The insult, “Those who can, do; those who can’t, teach” makes about as much sense to me as the “Yo Mama” jokes, because anyone who knows my Mama knows that she’s not fat, or stupid, or ugly. Anyone who is familiar with education knows that those who can’t, quit teaching before they have 5 years under their belt. My mother operated both under the “Mama” label and the “teacher” label. She did not fit any of the derogatory stereotypes associated with the accompanying jokes.
My mother was a history teacher. She ate, breathed, and slept history. When not involved with school work or parenting, she was reading a historical novel, watching a historically based movie, or whisking us off on a historical learning experience. A large majority of our family vacations involved visiting historical sites around Texas or other related opportunities of historical interest. One summer my parents bought a pop-up camper and we visited a large number of Spanish missions all over the state.
Other vacations included a visit to the traveling Ramses II exhibit in Dallas, Mount Rushmore, Washington D.C, etc. For my senior trip, my parents took me to Europe. We visited castles, churches, museums, and my mother never tired of it. I distinctly remember sitting on a bench in Versailles, completely exhausted from walking and overwhelmed with “history” and being reprimanded for coming all that way and just sitting.
Growing up, history picture books for children filled our shelves, and our house was often full of projects to be graded; pyramids made out of sugar cubes, sarcophagus boxes containing Barbie dolls wrapped as mummies, and panoramas of Texas Indian villages. My mother was a great teacher. She made history fun and exciting. I actually had her for my 7th grade Texas history course. There was one key lesson that particularly sticks in my mind. She turned off all the lights and played the trumpet solo, Deguello, that the Mexican army played the morning before they stormed the Alamo. She wanted us to imagine what it was like to be there. It was chilling and memorable.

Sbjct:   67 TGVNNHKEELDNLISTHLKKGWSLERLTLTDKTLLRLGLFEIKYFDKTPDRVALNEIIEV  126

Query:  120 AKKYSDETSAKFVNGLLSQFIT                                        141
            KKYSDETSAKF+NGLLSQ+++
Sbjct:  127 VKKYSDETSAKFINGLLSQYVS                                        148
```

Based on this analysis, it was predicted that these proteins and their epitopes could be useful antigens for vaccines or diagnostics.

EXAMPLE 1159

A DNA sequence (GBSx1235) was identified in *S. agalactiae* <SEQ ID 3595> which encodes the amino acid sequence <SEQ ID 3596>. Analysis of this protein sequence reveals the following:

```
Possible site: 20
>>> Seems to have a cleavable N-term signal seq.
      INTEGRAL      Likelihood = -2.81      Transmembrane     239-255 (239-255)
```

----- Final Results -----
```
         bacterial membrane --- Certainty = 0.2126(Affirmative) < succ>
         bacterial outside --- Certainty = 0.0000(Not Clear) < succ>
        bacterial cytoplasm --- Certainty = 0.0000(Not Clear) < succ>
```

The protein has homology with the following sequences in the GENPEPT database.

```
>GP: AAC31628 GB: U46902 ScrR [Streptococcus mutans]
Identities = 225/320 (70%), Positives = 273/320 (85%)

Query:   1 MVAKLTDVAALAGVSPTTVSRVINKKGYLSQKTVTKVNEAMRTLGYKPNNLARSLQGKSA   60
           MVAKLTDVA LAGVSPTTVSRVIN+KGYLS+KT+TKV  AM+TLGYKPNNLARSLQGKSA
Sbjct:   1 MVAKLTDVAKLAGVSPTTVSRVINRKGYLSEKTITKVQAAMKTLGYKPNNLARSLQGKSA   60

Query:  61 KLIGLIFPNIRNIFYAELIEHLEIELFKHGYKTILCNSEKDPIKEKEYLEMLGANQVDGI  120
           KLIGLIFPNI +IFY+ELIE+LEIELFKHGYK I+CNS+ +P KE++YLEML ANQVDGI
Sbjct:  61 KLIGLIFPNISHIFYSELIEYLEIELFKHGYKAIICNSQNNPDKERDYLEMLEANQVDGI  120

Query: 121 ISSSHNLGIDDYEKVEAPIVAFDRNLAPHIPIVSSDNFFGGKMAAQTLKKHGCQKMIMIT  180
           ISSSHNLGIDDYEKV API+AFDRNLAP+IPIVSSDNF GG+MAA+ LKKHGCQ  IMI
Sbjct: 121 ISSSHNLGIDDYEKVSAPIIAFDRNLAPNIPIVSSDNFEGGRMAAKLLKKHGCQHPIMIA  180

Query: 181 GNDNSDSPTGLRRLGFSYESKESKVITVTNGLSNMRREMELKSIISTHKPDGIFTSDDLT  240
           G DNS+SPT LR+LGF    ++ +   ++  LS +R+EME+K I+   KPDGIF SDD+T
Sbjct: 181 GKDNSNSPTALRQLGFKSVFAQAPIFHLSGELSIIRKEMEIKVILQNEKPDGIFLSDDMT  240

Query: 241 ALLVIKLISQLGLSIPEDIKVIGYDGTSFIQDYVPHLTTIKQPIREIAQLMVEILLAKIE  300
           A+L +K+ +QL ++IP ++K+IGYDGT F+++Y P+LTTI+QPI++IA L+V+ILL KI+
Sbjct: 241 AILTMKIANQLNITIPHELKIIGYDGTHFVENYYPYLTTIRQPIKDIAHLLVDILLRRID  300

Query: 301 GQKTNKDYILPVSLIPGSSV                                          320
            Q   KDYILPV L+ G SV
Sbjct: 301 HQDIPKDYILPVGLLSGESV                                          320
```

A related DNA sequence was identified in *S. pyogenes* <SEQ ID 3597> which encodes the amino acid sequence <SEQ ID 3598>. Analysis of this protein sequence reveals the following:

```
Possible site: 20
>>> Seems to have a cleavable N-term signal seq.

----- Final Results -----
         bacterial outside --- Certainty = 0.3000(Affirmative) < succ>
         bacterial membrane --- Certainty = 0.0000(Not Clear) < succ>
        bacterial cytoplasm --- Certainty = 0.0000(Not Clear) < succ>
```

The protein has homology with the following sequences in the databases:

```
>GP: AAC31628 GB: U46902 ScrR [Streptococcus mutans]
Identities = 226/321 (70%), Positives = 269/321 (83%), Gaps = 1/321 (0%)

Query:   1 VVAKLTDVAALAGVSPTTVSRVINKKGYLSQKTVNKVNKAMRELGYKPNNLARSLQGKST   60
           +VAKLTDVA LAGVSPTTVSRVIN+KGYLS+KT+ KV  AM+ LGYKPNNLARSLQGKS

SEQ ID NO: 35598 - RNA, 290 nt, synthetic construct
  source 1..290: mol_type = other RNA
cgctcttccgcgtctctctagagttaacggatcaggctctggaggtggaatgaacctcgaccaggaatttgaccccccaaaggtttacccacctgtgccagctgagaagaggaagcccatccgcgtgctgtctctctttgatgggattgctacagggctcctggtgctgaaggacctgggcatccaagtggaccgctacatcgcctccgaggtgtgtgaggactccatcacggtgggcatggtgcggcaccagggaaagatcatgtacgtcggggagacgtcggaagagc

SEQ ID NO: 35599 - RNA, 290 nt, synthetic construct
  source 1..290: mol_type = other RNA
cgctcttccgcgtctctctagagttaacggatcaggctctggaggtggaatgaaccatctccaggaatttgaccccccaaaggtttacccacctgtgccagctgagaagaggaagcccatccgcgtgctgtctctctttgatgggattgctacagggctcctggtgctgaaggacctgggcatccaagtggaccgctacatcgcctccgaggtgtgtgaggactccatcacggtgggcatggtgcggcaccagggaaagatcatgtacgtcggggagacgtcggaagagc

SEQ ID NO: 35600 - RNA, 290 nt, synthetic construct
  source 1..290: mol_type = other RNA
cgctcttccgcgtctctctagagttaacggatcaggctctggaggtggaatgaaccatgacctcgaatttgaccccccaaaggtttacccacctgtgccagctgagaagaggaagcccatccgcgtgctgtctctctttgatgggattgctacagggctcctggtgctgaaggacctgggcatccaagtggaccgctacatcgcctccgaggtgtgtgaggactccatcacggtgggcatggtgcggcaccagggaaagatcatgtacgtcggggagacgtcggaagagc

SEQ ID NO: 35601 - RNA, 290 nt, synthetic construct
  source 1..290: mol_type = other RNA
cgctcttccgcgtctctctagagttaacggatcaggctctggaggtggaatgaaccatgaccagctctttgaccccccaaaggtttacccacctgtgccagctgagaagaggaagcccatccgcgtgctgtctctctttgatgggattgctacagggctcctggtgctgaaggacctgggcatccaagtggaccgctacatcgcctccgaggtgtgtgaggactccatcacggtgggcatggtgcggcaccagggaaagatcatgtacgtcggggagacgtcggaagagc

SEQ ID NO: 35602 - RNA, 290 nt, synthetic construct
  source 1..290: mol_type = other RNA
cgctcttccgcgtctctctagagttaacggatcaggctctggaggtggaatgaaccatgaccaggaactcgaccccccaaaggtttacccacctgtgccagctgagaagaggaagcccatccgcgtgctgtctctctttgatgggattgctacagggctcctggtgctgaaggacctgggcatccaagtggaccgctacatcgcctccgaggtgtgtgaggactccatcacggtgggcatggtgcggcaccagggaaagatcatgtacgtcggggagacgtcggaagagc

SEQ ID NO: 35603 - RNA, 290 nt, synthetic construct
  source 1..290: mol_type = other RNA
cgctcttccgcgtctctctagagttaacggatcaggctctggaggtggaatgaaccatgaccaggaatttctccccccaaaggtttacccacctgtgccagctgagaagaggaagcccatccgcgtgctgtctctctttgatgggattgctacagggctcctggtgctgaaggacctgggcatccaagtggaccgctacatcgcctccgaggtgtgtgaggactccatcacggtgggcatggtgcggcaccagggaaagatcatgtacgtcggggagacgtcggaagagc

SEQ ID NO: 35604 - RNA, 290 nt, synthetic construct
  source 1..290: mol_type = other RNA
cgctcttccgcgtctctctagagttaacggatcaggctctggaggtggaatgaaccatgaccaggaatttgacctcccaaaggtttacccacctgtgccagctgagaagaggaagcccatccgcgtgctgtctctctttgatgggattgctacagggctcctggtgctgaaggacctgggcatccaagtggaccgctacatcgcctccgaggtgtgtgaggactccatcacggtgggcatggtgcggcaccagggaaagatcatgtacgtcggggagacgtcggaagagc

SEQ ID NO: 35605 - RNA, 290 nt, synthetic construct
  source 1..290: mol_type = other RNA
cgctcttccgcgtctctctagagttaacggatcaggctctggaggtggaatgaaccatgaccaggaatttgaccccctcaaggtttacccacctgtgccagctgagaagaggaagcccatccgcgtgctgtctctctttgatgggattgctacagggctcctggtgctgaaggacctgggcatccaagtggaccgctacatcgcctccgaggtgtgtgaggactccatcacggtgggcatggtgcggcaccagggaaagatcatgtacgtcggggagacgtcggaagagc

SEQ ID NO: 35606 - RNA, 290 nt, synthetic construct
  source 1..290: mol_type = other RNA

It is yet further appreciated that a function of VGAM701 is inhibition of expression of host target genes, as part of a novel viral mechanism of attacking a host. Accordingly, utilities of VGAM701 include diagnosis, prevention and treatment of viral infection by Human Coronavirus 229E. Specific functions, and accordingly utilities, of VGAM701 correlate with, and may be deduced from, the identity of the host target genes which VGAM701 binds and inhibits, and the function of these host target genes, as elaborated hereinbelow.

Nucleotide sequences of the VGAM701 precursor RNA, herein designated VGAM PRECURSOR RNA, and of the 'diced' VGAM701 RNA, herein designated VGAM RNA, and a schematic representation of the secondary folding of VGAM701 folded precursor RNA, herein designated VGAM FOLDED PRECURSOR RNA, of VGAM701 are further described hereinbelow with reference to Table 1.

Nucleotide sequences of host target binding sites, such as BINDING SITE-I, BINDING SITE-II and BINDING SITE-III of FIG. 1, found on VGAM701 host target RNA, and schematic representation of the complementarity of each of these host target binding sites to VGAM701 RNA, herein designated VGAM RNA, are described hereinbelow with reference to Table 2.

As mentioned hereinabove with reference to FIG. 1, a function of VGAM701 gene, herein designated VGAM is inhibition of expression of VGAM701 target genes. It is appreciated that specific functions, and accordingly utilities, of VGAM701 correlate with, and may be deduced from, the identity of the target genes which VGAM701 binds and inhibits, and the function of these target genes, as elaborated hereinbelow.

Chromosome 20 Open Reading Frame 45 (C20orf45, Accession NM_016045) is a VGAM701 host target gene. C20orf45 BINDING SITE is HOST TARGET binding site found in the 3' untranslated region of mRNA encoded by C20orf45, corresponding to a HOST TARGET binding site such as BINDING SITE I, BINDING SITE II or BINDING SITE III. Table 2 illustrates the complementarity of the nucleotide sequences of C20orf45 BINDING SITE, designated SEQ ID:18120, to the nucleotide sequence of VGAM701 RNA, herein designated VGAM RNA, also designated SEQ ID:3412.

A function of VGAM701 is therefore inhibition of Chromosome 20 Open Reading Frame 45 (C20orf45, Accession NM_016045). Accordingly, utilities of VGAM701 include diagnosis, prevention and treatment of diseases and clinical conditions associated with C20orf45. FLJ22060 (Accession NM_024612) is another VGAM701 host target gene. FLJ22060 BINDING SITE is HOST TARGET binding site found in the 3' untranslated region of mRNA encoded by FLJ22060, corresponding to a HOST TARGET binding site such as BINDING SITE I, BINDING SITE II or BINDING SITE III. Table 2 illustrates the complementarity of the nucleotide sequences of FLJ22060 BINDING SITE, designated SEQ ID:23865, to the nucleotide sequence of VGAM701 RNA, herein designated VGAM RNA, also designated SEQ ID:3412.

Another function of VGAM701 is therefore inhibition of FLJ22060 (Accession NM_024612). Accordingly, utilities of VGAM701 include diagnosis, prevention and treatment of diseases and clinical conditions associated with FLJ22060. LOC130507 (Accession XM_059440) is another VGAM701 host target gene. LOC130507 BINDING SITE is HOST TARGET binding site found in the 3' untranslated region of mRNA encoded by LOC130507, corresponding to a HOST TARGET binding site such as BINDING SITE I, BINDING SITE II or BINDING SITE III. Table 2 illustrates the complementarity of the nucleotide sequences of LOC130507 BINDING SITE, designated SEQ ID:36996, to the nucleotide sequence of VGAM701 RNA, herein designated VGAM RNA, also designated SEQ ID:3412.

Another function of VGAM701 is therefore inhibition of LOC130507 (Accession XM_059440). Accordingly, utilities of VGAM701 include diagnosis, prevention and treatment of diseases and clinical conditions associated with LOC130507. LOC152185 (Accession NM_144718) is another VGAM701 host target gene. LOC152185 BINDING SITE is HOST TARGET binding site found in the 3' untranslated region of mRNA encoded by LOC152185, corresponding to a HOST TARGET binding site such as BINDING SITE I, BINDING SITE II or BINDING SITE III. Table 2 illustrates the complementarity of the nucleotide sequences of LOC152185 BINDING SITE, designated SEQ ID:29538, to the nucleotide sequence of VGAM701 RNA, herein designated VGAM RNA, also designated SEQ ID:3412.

My mother didn’t teach because she couldn’t do anything else. She loved history, and she loved talking about it and teaching it. She was intelligent and creative in the way that she presented the material, along with maintaining her classroom discipline and all the other trappings of being a teacher.
When I went to college, my mother specifically told me that she wouldn’t pay for school if I majored in education. She knew education was a rough career path and, as any mother, she felt that I had the potential for “greater things”. My senior year when I graduated with a degree in biomedical science and was still trying to figure out what I wanted to do, I had an elementary education roommate who told me about a job fair she was going to. It was a teacher job fair, and I realized that the school districts there were desperate for science teachers. They offered me jobs on emergency certification and I decided to try teaching. My mother was not thrilled. I don’t remember saying this, but much later when I discussed leaving education, due to frustration with the low pay and respect, she reminded me that I had told her, “Don’t students deserve to have a teacher that knows their subject and is a good teacher? It’s not all about the money.”
After my first year she sent me flowers with a note that said, “The first year is the hardest, it gets better.” I was emotionally drained, but I decided to stay for another year. Fifteen years later, I can’t say I haven’t questioned, at times, why I stay in education. Different years present different challenges, but I always go back to that original core idea of why I became a teacher in the first place, “Don’t students deserve to have a teacher that knows their subject and is a good teacher?”
They may not appreciate their education now, but maybe they’ll appreciate it in the future. Just like our mothers- we didn’t appreciate them growing up as we do now with children of our own. Happy Mother’s Day!